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Re: Why does resolv.conf keep changing?




On Thu, Oct 26, 2017 at 12:24:32PM +0100, Darac Marjal wrote:
> 
> Actually, there's no need to duplicate the effort. As I understand it,
> resolvconf is basically an optional helper program. Software that
> automatically modifies /etc/resolv.conf should first test for the presence
> of resolvconf (whether that be checking for the configuration directory of
> resolvconf or checking that resolvconf is running or... however resolvconf
> desires to be detected). If resolvconf is available, the changes are
> co-ordinated through resolvconf, otherwise, /etc/resolv.conf is modified
> directly.
> 
In my case resolvconf is not installed/available and I want resolv.conf
to be left alone.  I want any other package that thinks it needs to
modify resolv.conf to leave it along.  I also think that would be useful
in the case where resolvconf gets unexpected installed later.  That is
not a specific concern for me, but in a situation where multiple
administrators are involved with managing a system it could happen.

Based on your proposal the situation which I have would not be
addressed.  I am specifically saying that there should be a way to mark
resolv.conf as static so that any package that touches it can check for
that directive.  There is no need for packages to coordinate between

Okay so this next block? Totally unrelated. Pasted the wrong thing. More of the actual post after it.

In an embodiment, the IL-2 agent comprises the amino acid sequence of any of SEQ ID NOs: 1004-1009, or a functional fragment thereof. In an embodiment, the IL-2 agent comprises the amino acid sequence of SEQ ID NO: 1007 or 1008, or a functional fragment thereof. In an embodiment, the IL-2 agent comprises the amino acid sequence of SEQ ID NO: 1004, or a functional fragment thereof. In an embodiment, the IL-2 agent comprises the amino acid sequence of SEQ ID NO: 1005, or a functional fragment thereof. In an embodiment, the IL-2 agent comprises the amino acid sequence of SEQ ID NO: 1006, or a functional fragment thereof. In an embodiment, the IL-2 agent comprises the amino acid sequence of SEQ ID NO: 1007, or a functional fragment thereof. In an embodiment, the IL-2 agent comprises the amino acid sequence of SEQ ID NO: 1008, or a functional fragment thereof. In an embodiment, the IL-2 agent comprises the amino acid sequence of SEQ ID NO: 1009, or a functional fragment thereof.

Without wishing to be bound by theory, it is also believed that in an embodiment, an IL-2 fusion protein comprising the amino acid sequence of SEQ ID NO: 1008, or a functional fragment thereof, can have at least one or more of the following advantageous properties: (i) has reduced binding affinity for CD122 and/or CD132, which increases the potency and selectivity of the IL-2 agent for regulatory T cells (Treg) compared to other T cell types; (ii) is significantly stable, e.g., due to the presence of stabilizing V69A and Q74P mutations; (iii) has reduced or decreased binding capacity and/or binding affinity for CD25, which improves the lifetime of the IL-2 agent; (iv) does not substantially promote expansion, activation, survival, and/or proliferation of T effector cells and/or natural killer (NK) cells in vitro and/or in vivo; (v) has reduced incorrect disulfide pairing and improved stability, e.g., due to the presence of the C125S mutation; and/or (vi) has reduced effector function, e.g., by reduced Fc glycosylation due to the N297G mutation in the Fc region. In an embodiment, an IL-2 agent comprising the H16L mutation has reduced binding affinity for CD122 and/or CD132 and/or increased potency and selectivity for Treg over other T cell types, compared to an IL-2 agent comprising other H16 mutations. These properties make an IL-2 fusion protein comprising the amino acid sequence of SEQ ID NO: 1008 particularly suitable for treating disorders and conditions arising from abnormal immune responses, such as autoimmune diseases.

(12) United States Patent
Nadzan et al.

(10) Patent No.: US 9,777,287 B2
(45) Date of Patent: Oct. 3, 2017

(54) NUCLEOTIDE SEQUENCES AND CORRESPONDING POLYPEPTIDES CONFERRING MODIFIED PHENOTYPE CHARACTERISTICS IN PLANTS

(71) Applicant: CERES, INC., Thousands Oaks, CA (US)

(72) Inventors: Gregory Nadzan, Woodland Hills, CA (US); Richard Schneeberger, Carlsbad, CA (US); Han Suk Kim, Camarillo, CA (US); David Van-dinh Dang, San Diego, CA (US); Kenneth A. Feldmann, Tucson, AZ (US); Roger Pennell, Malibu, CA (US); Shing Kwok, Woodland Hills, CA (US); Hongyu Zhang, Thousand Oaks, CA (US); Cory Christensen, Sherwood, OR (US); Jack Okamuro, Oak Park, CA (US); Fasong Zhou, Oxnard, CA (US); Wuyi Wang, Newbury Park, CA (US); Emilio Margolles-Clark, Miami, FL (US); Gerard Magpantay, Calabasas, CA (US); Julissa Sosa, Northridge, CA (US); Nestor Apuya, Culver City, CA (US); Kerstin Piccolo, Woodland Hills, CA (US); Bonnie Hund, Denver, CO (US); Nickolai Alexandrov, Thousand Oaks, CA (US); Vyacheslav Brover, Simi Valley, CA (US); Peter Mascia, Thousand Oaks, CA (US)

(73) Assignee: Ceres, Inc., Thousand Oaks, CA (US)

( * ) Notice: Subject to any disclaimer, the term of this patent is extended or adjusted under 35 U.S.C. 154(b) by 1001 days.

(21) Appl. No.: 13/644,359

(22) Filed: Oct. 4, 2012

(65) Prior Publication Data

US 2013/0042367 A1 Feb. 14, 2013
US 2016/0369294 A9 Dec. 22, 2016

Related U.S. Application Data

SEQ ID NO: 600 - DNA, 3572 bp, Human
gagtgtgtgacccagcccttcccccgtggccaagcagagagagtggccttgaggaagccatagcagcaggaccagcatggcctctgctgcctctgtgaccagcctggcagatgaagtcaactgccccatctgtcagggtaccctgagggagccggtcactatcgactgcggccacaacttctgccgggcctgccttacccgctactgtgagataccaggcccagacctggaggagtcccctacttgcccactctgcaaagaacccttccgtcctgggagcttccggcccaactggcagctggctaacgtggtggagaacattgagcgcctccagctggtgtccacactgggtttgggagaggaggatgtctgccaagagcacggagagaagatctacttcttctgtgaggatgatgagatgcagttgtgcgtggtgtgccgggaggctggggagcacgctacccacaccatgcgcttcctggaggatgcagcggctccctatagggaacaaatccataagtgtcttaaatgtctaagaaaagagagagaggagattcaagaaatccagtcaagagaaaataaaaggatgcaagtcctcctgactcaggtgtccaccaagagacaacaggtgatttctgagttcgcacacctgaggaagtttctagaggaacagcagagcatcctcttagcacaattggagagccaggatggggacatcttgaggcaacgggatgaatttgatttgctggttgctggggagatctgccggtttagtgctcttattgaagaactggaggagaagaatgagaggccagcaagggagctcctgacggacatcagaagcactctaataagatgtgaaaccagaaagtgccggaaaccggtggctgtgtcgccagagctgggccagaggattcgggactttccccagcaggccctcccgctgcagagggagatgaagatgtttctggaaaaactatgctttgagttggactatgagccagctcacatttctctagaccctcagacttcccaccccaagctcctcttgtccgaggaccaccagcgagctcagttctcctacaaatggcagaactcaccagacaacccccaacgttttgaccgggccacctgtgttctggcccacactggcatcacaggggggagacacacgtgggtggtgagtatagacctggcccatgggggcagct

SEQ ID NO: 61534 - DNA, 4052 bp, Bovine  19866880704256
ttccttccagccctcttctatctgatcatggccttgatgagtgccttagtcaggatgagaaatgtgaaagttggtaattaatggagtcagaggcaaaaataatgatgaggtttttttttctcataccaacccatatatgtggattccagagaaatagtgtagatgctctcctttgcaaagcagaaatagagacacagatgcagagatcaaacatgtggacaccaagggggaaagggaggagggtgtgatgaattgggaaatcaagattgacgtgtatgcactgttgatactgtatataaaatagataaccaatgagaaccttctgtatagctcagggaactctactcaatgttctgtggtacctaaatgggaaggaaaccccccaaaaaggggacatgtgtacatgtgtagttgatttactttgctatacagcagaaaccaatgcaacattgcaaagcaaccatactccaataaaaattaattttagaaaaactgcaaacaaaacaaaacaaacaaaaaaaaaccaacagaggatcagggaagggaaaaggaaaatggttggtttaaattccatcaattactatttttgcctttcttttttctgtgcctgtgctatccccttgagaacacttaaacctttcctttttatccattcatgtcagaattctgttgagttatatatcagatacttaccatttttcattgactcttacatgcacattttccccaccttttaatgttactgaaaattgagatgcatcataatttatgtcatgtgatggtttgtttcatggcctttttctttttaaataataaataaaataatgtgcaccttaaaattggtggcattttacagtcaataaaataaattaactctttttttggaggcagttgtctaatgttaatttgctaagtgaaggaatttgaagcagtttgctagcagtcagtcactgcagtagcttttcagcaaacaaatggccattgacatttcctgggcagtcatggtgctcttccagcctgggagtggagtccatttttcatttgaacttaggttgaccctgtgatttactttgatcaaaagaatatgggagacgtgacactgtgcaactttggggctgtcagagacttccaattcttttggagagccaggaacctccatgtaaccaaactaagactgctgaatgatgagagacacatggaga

themselves in that case.  They need only to check for the marker in
resolv.conf and if it is there (indicating that it should not be
modified) then they simply discontinue processing.

> The problem is that I don't think that resolvconf can require packages to
> use it. This is similar to other higher-level APIs such as pulseaudio. If
> the software knows to use pulseaudio, then it can get mixed, rerouted etc by
> pulseaudio, but it's difficult to mandate that software stop sending audio
> directly to /dev/dsp (well, unless you're a distribution which applies
> patches to upstream software in order to harmonize the experience of its
> users).
> 

I can see the utility of resolvconf and in packages coordinating their
modifications of resolv.conf.  However, I still maintain that there
should be a simple way for the admin to mark resolv.conf in such a way
that no package will modify it.  This should be possible without
resorting to hacks like making resolv.conf immutable.

Regards,

-Roberto

-- 
Roberto C. Sánchez